Abdominal pain/vomiting in post-op period: Can indicate internal herniation – admit urgently.
Acute-onset dysphagia: Can indicate acute band slippage (sometimes severe enough to cause gastric ischaemia) and requires urgent referral for band deflation.
Reflux symptoms: Can indicate chronic band slippage and requires referral to the bariatric team.
Recurrent port-site infections and/or loss of restriction: Either of these can indicate band erosion (where the band slowly cuts through the stomach) and requires referral back to the bariatric team for advice.
Nutritional deficiencies: Patients should have their calcium, B12, and iron measured at 6-monthly intervals, or more often if clinically indicated.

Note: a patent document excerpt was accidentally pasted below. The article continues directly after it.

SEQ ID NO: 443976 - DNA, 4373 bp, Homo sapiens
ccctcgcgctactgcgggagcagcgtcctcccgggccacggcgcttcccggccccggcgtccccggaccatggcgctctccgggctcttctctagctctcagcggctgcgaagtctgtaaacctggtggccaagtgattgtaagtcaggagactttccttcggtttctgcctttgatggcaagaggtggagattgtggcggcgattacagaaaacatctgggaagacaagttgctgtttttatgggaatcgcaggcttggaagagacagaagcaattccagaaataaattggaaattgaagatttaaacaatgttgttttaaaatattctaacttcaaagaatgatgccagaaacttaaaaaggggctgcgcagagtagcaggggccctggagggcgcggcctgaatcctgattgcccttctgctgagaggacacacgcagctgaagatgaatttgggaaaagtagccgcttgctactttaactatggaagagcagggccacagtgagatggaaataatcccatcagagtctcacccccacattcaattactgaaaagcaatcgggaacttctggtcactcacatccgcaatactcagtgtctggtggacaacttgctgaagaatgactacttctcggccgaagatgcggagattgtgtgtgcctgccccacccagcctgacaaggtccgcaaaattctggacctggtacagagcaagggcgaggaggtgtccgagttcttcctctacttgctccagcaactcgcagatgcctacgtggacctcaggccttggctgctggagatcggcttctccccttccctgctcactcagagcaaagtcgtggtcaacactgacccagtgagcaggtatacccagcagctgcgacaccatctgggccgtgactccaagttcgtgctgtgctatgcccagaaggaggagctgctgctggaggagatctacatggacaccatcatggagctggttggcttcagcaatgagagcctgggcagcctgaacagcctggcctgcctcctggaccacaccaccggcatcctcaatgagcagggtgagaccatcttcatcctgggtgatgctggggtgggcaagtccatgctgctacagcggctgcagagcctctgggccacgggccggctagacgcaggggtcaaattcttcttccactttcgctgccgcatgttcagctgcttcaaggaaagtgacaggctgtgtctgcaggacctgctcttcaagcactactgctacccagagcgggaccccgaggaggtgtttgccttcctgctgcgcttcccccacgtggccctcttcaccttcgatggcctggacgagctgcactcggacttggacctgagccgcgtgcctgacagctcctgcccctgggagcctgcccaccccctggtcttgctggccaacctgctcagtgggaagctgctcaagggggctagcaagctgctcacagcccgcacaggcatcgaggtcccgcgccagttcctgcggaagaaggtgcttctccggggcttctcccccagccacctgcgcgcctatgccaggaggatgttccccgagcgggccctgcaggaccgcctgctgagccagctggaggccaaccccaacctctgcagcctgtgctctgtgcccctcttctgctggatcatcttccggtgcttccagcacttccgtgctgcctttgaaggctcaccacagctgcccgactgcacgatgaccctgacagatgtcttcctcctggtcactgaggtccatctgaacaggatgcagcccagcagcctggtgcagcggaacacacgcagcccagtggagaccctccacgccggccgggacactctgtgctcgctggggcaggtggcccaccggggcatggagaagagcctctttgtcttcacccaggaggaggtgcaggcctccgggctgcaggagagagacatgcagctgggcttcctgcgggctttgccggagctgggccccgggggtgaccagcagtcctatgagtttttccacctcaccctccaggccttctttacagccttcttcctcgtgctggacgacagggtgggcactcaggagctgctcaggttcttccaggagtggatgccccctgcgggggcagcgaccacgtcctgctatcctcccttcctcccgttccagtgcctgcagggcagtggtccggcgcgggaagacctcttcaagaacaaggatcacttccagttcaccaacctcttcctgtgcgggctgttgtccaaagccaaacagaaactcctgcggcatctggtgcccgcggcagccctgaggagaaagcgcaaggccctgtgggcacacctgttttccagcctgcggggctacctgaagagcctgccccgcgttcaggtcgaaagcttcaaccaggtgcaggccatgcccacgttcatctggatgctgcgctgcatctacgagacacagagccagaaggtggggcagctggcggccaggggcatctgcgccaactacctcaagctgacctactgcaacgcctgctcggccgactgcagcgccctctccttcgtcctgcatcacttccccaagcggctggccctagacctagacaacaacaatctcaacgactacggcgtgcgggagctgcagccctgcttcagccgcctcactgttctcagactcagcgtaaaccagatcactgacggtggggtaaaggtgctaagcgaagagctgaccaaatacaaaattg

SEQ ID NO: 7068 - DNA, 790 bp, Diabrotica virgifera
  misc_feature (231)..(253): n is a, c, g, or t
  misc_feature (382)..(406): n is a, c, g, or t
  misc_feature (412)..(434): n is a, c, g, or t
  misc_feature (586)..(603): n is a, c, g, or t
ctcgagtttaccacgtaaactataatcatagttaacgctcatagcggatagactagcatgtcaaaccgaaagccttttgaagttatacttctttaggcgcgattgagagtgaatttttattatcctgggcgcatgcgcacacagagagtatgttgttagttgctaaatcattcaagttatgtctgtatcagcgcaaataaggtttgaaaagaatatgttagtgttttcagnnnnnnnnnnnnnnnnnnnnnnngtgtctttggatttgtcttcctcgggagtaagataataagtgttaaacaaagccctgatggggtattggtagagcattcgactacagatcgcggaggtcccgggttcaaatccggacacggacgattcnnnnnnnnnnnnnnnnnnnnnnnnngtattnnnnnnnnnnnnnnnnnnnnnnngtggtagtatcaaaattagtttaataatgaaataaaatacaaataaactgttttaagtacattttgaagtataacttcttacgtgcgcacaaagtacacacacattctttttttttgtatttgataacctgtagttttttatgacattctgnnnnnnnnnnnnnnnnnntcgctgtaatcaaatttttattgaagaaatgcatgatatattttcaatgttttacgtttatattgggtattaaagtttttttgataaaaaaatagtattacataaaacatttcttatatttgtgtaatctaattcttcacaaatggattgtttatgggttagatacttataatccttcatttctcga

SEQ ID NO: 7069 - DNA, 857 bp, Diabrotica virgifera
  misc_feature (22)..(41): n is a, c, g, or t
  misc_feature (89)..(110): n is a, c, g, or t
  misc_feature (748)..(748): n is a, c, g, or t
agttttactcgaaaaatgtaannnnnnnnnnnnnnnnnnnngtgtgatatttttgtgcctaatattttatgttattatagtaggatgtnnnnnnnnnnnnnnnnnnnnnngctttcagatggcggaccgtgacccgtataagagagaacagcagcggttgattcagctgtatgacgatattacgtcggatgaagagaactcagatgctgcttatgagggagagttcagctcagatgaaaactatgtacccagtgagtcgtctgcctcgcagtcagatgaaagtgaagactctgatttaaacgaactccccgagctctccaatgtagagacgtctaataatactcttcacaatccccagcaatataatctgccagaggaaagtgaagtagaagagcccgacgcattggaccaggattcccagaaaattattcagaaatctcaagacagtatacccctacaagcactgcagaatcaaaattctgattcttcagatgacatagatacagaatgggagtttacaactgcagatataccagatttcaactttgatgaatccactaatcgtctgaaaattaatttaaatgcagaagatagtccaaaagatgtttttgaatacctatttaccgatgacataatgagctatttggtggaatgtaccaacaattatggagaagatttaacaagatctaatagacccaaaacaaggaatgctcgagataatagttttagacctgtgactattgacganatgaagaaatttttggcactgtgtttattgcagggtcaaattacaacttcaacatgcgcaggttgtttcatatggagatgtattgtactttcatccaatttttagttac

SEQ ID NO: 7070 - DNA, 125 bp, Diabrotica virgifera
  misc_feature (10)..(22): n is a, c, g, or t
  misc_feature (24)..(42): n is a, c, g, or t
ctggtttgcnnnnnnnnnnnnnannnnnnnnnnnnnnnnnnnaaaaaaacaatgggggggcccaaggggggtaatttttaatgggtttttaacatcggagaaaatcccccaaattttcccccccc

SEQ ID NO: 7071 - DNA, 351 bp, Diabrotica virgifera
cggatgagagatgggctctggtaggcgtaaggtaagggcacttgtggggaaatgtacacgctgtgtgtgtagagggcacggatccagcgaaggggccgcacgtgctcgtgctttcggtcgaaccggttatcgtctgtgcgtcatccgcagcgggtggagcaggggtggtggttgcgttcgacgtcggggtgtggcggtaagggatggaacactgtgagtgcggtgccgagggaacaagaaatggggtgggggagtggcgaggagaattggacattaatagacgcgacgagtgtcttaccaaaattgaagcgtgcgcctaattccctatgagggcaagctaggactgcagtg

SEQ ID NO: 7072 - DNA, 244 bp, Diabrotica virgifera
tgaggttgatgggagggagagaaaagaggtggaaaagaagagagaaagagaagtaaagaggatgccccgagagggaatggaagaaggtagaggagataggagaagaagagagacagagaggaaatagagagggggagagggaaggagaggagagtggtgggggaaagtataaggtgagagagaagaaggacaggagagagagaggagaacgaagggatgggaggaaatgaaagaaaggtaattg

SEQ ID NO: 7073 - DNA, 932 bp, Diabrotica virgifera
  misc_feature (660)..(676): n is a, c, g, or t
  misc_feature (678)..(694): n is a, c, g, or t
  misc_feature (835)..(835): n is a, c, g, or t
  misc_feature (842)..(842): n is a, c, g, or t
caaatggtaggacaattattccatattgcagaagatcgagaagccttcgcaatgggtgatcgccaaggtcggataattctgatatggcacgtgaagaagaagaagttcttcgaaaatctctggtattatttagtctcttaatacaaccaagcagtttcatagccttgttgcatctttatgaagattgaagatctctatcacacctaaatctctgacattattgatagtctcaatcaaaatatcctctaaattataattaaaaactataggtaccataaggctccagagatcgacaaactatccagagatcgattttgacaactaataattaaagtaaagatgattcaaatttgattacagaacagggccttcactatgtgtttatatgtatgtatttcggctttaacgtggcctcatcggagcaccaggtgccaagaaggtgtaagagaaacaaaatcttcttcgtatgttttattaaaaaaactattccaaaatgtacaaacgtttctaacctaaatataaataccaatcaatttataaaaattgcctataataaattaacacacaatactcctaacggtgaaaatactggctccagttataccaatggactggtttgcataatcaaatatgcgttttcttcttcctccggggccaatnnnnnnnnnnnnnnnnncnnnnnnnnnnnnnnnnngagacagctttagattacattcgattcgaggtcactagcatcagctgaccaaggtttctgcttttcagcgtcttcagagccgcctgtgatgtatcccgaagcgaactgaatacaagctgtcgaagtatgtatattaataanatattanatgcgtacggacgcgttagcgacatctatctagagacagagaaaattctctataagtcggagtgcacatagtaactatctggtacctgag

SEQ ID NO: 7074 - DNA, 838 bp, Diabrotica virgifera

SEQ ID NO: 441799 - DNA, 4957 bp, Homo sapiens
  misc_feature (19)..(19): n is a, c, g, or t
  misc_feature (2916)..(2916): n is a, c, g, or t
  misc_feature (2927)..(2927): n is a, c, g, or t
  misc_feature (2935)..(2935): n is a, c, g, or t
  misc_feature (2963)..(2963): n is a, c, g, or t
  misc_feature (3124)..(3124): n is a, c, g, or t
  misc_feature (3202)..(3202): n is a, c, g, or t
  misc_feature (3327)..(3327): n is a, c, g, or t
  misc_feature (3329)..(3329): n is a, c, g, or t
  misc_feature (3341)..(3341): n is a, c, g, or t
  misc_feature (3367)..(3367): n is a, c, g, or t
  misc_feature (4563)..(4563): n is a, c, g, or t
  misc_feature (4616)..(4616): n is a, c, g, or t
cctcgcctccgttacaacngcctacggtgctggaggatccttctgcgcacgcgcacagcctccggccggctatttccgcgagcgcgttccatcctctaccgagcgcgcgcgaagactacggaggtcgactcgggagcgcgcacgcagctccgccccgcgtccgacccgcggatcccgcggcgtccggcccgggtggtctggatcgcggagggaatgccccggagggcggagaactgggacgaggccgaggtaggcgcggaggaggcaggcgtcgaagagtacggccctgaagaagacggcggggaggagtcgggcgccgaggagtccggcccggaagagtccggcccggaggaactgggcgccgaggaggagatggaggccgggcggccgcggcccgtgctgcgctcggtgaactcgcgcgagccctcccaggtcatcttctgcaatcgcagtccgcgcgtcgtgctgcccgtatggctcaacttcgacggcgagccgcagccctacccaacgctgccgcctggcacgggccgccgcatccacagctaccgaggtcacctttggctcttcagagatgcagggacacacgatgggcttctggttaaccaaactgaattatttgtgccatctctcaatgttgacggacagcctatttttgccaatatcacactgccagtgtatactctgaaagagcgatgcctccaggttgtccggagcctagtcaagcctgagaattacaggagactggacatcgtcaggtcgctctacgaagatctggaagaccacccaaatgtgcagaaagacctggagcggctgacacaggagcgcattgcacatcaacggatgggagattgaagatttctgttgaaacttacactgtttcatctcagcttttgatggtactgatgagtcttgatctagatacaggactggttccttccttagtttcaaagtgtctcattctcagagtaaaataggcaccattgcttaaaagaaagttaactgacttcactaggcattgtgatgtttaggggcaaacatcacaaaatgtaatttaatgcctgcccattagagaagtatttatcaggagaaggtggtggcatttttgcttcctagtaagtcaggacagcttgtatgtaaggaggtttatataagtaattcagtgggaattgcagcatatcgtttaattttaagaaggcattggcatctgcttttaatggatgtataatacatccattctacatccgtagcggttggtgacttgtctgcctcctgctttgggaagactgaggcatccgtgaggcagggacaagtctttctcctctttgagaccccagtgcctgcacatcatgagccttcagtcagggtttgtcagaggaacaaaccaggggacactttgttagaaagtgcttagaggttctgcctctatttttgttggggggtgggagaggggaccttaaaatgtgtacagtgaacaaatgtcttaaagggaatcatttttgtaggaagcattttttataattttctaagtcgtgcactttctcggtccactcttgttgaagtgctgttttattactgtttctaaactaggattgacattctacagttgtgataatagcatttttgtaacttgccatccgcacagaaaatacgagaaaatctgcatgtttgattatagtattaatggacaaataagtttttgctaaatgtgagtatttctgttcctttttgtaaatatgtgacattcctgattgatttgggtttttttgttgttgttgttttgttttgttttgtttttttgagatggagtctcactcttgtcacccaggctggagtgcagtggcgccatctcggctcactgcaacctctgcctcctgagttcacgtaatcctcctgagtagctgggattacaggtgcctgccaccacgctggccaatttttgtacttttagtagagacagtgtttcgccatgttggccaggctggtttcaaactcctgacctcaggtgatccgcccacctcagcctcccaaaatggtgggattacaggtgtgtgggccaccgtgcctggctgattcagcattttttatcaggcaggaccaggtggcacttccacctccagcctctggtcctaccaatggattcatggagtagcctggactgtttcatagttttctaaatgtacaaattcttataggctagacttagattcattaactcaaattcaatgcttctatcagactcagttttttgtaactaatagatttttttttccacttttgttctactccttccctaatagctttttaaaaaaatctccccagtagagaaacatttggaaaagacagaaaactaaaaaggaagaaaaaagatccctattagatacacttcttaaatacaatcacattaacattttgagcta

Dumping syndrome: The good news is that this has a good prognosis – although most patients have this after surgery, by about 18 months down the line only about 5 – 10% will be left with chronic symptoms. Meanwhile, advise that they eat slowly and consume some carbohydrates mid-meal, which can dramatically improve symptoms.
Gallstones: Can occur in up to 30% following bariatric surgery (related to rapid weight loss) but are far more likely after bypass than banding.
(From Pulse 23.11.11)